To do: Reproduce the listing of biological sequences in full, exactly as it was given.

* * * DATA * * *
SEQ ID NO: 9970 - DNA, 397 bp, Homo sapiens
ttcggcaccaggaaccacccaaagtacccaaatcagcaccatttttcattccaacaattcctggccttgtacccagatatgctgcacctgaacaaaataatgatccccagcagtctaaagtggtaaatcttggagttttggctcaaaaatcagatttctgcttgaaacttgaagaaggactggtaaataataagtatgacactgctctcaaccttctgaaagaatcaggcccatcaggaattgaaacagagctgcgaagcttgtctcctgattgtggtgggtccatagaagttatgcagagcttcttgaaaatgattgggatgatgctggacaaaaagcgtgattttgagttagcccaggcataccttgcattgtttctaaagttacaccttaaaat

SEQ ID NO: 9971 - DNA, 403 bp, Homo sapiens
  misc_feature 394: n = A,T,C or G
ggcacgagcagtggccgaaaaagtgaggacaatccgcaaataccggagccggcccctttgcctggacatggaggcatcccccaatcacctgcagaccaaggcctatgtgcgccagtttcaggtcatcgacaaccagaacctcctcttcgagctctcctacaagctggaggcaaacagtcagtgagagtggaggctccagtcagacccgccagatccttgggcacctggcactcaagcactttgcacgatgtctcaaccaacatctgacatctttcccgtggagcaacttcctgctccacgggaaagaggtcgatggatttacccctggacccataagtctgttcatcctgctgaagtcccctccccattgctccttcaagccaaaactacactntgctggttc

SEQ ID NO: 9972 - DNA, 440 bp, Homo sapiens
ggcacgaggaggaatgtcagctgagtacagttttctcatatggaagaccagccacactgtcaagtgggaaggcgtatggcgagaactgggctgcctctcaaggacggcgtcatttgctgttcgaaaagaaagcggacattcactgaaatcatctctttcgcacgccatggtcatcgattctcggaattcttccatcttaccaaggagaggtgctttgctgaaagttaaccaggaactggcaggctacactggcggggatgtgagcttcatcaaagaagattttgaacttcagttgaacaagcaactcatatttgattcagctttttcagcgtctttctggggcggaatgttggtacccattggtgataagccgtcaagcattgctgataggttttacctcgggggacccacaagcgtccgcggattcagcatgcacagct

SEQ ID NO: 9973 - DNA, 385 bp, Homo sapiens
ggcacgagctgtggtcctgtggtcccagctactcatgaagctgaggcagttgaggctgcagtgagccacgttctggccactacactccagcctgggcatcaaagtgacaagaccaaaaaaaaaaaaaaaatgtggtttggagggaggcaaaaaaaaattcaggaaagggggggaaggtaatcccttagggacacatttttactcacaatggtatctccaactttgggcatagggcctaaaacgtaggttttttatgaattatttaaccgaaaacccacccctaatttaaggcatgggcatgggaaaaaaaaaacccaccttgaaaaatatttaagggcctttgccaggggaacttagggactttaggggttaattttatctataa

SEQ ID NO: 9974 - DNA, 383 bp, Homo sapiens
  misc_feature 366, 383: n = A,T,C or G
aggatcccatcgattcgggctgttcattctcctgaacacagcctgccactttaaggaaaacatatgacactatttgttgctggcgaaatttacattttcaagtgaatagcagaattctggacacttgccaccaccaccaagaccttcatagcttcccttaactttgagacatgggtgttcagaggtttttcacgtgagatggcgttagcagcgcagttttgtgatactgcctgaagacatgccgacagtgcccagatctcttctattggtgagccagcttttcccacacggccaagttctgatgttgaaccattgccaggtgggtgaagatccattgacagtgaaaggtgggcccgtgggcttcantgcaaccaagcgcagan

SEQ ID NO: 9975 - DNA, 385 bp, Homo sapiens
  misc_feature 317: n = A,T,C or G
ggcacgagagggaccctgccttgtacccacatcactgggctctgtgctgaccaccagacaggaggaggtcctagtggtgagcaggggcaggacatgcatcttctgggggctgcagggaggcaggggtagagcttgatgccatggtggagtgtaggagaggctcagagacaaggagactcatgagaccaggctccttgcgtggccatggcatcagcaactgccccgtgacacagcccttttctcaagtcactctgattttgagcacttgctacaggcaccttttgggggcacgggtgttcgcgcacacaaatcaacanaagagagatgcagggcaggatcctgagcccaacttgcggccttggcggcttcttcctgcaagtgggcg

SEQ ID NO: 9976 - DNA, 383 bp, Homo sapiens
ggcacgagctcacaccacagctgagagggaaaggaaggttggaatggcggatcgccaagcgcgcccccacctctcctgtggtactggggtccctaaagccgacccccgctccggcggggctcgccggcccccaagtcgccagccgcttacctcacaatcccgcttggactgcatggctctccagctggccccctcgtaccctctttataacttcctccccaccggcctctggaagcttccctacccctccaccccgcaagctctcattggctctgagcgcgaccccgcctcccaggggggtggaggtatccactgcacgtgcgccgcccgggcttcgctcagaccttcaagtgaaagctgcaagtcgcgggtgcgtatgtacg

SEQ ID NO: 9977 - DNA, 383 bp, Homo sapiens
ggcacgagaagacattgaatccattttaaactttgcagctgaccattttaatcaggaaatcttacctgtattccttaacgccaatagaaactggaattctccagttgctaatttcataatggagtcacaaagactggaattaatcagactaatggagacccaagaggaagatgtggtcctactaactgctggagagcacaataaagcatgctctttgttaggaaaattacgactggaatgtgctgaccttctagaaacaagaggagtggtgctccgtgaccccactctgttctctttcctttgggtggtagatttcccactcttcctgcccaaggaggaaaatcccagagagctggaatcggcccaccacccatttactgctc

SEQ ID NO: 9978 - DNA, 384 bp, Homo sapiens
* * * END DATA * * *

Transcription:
SEQ ID NO: 9970 - DNA, 397 bp, Homo sapiens
ttcggcaccaggaaccacccaaagtacccaaatcagcaccatttttcattccaacaattcctggccttgtacccagatatgctgcacctgaacaaaataatgatccccagcagtctaaagtggtaaatcttggagttttggctcaaaaatcagatttctgcttgaaacttgaagaaggactggtaaataataagtatgacactgctctcaaccttctgaaagaatcaggcccatcaggaattgaaacagagctgcgaagcttgtctcctgattgtggtgggtccatagaagttatgcagagcttcttgaaaatgattgggatgatgctggacaaaaagcgtgattttgagttagcccaggcataccttgcattgtttctaaagttacaccttaaaat

SEQ ID NO: 9971 - DNA, 403 bp, Homo sapiens
  misc_feature 394: n = A,T,C or G
ggcacgagcagtggccgaaaaagtgaggacaatccgcaaataccggagccggcccctttgcctggacatggaggcatcccccaatcacctgcagaccaaggcctatgtgcgccagtttcaggtcatcgacaaccagaacctcctcttcgagctctcctacaagctggaggcaaacagtcagtgagagtggaggctccagtcagacccgccagatccttgggcacctggcactcaagcactttgcacgatgtctcaaccaacatctgacatctttcccgtggagcaacttcctgctccacgggaaagaggtcgatggatttacccctggacccataagtctgttcatcctgctgaagtcccctccccattgctccttcaagccaaaactacactntgctggttc

SEQ ID NO: 9972 - DNA, 440 bp, Homo sapiens
ggcacgaggaggaatgtcagctgagtacagttttctcatatggaagaccagccacactgtcaagtgggaaggcgtatggcgagaactgggctgcctctcaaggacggcgtcatttgctgttcgaaaagaaagcggacattcactgaaatcatctctttcgcacgccatggtcatcgattctcggaattcttccatcttaccaaggagaggtgctttgctgaaagttaaccaggaactggcaggctacactggcggggatgtgagcttcatcaaagaagattttgaacttcagttgaacaagcaactcatatttgattcagctttttcagcgtctttctggggcggaatgttggtacccattggtgataagccgtcaagcattgctgataggttttacctcgggggacccacaagcgtccgcggattcagcatgcacagct

SEQ ID NO: 9973 - DNA, 385 bp, Homo sapiens
ggcacgagctgtggtcctgtggtcccagctactcatgaagctgaggcagttgaggctgcagtgagccacgttctggccactacactccagcctgggcatcaaagtgacaagaccaaaaaaaaaaaaaaaatgtggtttggagggaggcaaaaaaaaattcaggaaagggggggaaggtaatcccttagggacacatttttactcacaatggtatctccaactttgggcatagggcctaaaacgtaggttttttatgaattatttaaccgaaaacccacccctaatttaaggcatgggcatgggaaaaaaaaaacccaccttgaaaaatatttaagggcctttgccaggggaacttagggactttaggggttaattttatctataa

SEQ ID NO: 9974 - DNA, 383 bp, Homo sapiens
  misc_feature 366, 383: n = A,T,C or G
aggatcccatcgattcgggctgttcattctcctgaacacagcctgccactttaaggaaaacatatgacactatttgttgctggcgaaatttacattttcaagtgaatagcagaattctggacacttgccaccaccaccaagaccttcatagcttcccttaactttgagacatgggtgttcagaggtttttcacgtgagatggcgttagcagcgcagttttgtgatactgcctgaagacatgccgacagtgcccagatctcttctattggtgagccagcttttcccacacggccaagttctgatgttgaaccattgccaggtgggtgaagatccattgacagtgaaaggtgggcccgtgggcttcantgcaaccaagcgcagan

SEQ ID NO: 9975 - DNA, 385 bp, Homo sapiens
  misc_feature 317: n = A,T,C or G
ggcacgagagggaccctgccttgtacccacatcactgggctctgtgctgaccaccagacaggaggaggtcctagtggtgagcaggggcaggacatgcatcttctgggggctgcagggaggcaggggtagagcttgatgccatggtggagtgtaggagaggctcagagacaaggagactcatgagaccaggctccttgcgtggccatggcatcagcaactgccccgtgacacagcccttttctcaagtcactctgattttgagcacttgctacaggcaccttttgggggcacgggtgttcgcgcacacaaatcaacanaagagagatgcagggcaggatcctgagcccaacttgcggccttggcggcttcttcctgcaagtgggcg

SEQ ID NO: 9976 - DNA, 383 bp, Homo sapiens
ggcacgagctcacaccacagctgagagggaaaggaaggttggaatggcggatcgccaagcgcgcccccacctctcctgtggtactggggtccctaaagccgacccccgctccggcggggctcgccggcccccaagtcgccagccgcttacctcacaatcccgcttggactgcatggctctccagctggccccctcgtaccctctttataacttcctccccaccggcctctggaagcttccctacccctccaccccgcaagctctcattggctctgagcgcgaccccgcctcccaggggggtggaggtatccactgcacgtgcgccgcccgggcttcgctcagaccttcaagtgaaagctgcaagtcgcgggtgcgtatgtacg

SEQ ID NO: 9977 - DNA, 383 bp, Homo sapiens
ggcacgagaagacattgaatccattttaaactttgcagctgaccattttaatcaggaaatcttacctgtattccttaacgccaatagaaactggaattctccagttgctaatttcataatggagtcacaaagactggaattaatcagactaatggagacccaagaggaagatgtggtcctactaactgctggagagcacaataaagcatgctctttgttaggaaaattacgactggaatgtgctgaccttctagaaacaagaggagtggtgctccgtgaccccactctgttctctttcctttgggtggtagatttcccactcttcctgcccaaggaggaaaatcccagagagctggaatcggcccaccacccatttactgctc

SEQ ID NO: 9978 - DNA, 384 bp, Homo sapiens